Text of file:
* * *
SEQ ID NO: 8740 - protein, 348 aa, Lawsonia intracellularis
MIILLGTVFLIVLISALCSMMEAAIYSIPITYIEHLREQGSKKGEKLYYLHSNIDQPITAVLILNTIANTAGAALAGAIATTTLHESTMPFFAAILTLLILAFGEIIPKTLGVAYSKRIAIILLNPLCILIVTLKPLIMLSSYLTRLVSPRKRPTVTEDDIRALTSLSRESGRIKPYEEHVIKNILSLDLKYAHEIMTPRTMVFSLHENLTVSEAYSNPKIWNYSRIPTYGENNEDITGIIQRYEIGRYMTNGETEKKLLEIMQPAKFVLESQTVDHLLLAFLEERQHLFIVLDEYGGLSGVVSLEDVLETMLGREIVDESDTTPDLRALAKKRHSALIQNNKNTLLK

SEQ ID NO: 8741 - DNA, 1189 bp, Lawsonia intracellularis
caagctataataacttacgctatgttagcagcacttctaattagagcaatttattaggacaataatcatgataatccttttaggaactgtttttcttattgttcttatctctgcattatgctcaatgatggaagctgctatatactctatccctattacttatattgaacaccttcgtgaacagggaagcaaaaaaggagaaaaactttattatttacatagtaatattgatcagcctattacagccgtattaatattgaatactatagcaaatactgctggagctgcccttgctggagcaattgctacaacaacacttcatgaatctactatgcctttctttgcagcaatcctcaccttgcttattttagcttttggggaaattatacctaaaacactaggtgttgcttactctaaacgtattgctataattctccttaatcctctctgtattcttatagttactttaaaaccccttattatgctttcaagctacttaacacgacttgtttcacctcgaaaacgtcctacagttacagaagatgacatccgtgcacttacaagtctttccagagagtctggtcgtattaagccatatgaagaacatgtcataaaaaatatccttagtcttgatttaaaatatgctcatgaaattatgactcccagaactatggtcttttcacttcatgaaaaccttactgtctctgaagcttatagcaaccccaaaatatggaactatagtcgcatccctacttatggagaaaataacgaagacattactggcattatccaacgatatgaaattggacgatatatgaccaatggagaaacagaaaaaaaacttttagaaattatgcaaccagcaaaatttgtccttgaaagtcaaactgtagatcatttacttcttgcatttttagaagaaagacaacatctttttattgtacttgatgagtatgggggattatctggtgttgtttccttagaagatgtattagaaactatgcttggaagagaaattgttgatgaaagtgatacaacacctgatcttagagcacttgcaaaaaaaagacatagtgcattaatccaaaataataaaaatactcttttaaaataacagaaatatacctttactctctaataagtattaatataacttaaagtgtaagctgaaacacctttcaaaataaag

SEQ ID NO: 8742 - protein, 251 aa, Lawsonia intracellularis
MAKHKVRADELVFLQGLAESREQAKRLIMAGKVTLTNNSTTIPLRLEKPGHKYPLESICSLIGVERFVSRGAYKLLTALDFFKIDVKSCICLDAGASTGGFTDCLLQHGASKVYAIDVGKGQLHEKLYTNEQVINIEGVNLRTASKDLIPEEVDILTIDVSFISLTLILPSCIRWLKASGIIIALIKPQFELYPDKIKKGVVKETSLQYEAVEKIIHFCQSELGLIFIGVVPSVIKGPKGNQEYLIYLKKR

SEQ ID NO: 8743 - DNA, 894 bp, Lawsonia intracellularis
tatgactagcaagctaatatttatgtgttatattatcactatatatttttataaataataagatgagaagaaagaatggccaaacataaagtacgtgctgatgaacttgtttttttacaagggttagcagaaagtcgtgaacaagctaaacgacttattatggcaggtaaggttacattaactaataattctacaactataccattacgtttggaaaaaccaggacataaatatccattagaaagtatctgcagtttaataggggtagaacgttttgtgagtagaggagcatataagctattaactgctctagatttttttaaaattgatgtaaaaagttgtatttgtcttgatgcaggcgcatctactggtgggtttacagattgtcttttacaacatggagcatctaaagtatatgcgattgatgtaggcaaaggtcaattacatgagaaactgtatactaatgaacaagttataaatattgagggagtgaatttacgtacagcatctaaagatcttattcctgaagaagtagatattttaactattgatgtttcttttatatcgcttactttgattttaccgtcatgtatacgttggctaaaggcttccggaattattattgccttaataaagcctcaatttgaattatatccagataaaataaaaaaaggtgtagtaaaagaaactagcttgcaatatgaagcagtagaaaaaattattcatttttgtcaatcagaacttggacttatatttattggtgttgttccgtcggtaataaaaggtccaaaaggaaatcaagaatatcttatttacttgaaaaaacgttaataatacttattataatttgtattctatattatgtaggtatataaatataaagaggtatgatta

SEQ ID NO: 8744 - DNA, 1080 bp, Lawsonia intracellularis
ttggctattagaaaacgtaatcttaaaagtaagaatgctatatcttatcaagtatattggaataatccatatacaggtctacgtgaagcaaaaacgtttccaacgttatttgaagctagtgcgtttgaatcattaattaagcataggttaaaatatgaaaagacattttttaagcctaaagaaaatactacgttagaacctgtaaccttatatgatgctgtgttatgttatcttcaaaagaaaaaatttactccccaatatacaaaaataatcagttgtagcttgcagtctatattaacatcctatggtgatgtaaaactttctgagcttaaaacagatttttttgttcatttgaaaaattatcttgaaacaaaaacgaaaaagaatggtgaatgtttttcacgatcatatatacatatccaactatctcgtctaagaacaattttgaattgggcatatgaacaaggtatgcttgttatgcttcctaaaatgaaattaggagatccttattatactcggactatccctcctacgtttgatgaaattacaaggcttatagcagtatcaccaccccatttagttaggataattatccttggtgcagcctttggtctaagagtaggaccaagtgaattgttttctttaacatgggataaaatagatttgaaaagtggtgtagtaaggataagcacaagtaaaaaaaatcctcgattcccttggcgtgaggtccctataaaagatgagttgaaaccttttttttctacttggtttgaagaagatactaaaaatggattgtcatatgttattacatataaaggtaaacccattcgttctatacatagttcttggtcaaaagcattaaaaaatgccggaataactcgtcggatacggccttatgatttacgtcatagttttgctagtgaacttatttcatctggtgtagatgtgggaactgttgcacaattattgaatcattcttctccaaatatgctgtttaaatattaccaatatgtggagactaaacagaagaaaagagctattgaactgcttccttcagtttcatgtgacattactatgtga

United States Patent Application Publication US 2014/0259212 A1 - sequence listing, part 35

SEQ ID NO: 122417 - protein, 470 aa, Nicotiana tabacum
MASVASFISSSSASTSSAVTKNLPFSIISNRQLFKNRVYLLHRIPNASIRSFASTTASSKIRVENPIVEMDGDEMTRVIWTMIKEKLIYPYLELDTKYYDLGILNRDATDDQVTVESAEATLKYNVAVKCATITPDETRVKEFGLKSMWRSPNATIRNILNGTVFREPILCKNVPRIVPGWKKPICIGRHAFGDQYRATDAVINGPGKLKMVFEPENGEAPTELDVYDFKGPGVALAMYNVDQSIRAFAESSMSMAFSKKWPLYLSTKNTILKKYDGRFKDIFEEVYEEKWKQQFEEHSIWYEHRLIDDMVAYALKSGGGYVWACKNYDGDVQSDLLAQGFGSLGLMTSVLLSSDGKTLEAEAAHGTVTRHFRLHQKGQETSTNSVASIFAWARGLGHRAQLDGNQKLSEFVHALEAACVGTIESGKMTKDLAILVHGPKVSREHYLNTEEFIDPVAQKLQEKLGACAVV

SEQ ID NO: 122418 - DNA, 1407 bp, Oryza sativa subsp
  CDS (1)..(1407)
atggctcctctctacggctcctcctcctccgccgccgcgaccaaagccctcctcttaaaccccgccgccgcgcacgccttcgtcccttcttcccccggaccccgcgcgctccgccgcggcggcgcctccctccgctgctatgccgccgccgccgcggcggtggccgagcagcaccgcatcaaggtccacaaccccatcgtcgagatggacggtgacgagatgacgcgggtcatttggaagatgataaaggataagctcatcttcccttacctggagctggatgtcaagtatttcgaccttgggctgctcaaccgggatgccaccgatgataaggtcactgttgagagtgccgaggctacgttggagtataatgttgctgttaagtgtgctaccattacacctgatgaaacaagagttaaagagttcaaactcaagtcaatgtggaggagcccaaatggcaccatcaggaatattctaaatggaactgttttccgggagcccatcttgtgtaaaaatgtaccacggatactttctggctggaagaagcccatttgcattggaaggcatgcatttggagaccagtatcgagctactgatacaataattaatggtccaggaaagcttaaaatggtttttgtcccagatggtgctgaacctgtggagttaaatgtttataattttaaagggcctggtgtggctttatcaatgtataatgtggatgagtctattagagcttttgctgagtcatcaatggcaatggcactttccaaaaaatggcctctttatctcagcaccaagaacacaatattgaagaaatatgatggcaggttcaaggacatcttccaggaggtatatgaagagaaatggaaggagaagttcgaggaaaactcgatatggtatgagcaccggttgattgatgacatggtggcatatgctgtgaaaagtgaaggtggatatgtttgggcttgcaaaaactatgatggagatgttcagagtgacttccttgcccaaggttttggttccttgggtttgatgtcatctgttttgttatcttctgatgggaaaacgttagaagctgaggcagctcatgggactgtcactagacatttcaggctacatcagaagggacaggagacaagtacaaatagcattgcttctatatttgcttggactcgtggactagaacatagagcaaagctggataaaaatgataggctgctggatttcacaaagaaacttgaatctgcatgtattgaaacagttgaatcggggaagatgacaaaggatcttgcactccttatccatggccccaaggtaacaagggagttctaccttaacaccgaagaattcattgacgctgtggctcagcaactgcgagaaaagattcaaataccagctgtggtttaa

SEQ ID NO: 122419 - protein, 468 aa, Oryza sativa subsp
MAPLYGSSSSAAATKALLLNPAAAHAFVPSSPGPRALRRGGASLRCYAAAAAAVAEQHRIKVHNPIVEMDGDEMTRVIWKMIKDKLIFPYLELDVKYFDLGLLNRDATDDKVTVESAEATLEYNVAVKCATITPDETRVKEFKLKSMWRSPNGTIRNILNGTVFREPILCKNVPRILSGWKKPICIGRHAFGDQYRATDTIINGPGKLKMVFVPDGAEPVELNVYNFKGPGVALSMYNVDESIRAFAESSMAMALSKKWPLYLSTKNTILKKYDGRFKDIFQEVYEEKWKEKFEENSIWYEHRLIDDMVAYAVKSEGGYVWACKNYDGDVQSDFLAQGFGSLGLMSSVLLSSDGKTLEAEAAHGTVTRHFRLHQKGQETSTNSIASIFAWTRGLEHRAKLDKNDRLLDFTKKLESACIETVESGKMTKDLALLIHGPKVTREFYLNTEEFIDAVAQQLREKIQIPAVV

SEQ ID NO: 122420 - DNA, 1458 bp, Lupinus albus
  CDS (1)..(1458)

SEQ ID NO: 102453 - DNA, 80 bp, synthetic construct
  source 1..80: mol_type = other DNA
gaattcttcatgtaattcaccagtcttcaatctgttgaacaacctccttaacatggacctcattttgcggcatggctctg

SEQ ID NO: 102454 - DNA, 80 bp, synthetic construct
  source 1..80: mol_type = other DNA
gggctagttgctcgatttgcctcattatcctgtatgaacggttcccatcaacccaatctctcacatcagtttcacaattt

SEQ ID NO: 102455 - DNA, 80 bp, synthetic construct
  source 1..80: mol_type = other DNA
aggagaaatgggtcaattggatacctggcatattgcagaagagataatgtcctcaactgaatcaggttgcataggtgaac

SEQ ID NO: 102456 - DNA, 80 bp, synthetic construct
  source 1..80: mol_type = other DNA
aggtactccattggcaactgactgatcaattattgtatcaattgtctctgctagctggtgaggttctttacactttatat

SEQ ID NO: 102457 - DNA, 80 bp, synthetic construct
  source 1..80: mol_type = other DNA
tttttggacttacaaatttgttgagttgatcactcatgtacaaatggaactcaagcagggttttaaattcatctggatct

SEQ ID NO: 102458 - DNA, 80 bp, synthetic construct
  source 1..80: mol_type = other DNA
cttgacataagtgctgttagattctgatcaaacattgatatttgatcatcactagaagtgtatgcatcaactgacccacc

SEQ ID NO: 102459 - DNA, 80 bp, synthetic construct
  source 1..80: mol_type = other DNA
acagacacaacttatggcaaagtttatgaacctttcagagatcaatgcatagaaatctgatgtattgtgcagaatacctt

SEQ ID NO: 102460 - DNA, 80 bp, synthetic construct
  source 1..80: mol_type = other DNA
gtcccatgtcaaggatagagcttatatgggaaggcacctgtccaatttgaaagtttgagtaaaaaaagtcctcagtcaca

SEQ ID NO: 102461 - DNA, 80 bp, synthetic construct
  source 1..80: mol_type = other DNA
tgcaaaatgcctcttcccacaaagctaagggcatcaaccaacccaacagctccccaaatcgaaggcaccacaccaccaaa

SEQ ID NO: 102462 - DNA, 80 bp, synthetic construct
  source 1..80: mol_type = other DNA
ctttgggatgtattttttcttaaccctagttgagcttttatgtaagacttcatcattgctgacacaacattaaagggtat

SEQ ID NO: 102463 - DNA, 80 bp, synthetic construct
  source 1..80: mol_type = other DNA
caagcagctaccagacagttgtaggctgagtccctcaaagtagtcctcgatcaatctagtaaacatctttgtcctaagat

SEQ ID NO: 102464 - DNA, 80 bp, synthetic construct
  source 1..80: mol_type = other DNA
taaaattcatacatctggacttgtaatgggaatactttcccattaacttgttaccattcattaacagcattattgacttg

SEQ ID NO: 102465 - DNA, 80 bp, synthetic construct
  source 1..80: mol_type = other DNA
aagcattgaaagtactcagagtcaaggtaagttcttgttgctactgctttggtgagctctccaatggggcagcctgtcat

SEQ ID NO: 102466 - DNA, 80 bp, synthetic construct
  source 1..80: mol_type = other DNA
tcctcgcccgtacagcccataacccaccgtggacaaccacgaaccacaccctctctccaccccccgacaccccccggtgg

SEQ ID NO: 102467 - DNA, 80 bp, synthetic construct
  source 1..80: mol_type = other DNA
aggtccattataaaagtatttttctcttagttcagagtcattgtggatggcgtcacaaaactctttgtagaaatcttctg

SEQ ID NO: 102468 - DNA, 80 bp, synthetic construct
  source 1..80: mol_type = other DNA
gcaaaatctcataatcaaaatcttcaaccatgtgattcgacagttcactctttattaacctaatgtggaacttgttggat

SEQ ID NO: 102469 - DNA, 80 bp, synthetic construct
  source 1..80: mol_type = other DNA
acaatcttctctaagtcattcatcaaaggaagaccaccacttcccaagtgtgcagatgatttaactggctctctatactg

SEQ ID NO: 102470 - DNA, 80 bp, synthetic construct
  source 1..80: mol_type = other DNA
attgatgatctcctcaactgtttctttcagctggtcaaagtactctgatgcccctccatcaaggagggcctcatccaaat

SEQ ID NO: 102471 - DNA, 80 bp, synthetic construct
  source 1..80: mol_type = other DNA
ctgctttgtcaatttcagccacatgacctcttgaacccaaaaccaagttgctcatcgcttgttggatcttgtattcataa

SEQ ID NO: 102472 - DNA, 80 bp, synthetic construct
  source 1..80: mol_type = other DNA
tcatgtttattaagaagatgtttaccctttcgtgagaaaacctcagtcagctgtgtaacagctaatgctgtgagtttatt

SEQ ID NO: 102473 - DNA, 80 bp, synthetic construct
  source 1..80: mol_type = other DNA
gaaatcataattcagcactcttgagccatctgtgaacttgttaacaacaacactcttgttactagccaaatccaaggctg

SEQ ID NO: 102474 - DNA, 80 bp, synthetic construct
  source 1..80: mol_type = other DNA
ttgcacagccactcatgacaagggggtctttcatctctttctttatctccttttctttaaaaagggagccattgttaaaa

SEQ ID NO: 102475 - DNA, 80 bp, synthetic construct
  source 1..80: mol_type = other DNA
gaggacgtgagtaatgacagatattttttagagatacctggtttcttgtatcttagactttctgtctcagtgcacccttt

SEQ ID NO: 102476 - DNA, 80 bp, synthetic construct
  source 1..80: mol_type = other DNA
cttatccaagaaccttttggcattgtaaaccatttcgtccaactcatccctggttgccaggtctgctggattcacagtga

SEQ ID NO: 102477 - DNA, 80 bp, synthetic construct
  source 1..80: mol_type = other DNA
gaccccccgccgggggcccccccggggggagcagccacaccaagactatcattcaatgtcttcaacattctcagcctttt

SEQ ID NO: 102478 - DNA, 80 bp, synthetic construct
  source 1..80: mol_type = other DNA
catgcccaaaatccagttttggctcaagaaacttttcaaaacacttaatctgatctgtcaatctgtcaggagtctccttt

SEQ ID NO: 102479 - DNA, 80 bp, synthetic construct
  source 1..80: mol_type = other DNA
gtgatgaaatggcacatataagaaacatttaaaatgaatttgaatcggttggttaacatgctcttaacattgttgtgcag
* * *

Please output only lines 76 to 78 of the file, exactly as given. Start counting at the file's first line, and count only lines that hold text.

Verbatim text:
  source 1..80: mol_type = other DNA
ctgctttgtcaatttcagccacatgacctcttgaacccaaaaccaagttgctcatcgcttgttggatcttgtattcataa

SEQ ID NO: 102472 - DNA, 80 bp, synthetic construct